An end of year message from livestock board chairman, Charles Sercombe


Throughout our work in 2017, the Livestock Board has continually driven for the best possible deal for members.

Our involvement with the UK Government’s changes, to holding registration, movement and reporting requirements, has led to the extension of the batch-reporting exemption for sheep movements within keepership – a huge win. This has complemented our work supporting Defra to develop a livestock traceability service. It could deliver a wide range of benefits for livestock producers and the supply chain. The opportunities are significant as we aim to develop and improve systems that support trade, customer confidence, enable better disease preparedness and help the industry drive forward productivity gains.  

Our work has seen numerous supply-chain wins with retailers showing increased support for British beef and lamb, with Co-Op and Morrisons moving to 100% stocking of British fresh lamb all year round. 

A failure to secure unfettered access to the European market would have huge implications for the red meat sector, lamb especially. We will work with trade officials in the UK, Brussels and Geneva to articulate the importance of our closest market and ensure imports complement our domestic production. The Livestock Board is clear that our sector needs a Domestic Agricultural Policy that recognises the benefits livestock farming delivers for the environment and rural communities, as well as being a great product.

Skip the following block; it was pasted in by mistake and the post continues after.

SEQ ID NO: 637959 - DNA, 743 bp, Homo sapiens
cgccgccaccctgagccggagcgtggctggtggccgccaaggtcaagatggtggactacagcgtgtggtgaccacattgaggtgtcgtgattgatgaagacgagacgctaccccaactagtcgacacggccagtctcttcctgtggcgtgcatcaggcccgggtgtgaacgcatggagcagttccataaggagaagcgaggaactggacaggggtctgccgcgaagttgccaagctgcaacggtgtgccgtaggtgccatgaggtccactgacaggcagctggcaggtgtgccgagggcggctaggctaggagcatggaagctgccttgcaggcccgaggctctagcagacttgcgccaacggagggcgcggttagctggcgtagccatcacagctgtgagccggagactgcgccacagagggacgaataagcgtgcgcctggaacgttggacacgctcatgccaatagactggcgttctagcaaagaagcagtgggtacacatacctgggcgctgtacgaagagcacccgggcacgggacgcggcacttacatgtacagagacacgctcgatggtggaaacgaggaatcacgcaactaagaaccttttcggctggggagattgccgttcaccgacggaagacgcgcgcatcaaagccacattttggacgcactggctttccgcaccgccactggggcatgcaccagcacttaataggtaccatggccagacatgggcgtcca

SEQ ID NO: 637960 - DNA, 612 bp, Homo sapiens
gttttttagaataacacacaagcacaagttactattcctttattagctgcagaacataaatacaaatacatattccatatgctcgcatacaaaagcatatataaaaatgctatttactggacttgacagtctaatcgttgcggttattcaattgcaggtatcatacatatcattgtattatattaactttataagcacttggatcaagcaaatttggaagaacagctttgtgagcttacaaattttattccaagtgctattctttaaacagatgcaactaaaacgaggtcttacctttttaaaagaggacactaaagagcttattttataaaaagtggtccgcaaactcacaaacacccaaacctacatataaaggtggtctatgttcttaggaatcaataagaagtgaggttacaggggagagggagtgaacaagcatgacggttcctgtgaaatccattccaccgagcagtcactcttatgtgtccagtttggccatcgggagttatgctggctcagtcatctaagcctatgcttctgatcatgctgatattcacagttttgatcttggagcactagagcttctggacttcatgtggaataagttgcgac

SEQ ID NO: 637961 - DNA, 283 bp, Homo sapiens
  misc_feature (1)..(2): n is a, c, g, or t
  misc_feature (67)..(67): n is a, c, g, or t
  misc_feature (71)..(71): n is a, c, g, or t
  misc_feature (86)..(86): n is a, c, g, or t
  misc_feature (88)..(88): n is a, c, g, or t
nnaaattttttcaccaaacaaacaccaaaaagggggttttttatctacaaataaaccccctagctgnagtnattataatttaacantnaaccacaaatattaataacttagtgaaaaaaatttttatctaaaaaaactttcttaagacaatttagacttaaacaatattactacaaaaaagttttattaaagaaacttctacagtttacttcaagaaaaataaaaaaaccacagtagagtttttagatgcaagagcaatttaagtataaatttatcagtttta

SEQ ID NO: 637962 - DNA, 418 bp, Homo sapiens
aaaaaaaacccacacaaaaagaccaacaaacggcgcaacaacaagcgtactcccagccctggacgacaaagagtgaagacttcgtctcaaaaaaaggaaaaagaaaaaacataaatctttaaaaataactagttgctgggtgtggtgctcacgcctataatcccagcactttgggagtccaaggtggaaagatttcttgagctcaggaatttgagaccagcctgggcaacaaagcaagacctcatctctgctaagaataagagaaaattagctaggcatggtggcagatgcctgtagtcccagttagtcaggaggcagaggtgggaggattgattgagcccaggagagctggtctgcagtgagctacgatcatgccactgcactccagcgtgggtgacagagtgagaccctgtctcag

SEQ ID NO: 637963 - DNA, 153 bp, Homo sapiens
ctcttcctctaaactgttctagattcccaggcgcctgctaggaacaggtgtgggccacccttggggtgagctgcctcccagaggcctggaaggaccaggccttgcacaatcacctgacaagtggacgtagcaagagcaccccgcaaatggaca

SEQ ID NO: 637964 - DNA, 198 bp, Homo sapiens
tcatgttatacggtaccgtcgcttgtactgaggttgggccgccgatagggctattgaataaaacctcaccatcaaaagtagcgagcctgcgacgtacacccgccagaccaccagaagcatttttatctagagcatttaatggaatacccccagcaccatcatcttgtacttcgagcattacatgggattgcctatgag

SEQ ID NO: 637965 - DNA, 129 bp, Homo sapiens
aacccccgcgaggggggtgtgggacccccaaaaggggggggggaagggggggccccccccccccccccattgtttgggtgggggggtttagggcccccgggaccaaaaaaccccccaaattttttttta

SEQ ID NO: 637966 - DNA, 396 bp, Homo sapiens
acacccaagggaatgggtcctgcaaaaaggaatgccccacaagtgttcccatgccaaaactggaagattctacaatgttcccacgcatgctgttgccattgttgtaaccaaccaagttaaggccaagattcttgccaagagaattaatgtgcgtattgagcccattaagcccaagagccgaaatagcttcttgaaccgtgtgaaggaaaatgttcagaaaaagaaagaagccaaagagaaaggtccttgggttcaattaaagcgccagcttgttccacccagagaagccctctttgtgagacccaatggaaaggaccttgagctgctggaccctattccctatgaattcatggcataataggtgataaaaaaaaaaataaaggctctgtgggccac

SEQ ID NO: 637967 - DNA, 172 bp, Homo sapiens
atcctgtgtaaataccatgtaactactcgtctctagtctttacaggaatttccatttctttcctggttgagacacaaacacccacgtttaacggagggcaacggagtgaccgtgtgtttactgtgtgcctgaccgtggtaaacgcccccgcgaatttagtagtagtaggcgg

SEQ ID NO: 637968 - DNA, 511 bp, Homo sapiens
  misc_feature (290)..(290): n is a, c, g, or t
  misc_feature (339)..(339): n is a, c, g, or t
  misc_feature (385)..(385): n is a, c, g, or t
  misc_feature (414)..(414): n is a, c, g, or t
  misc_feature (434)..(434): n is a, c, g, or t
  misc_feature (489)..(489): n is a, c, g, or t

Meanwhile, issues, such as livestock worrying, continue to plague our sector. We welcome the recommendations highlighted in the APAGW report on livestock worrying and continue to press for responsible dog ownership and for the police to take action against bad owners.  
As we continue through Brexit negotiations, the future of our trading relationships and Domestic Agricultural Policy will be a key focus. Alongside this, improving the market transparency of our deadweight outlets through greater levels of information, clearer market signals supported by more effective regulation, can all improve our returns and foster greater collaboration in the red meat supply chain.   

To help deliver long-term profitability, the sector needs access to more reliable data if we are to drive productivity and meet the demands of the domestic market, as well as new and developing export markets.  

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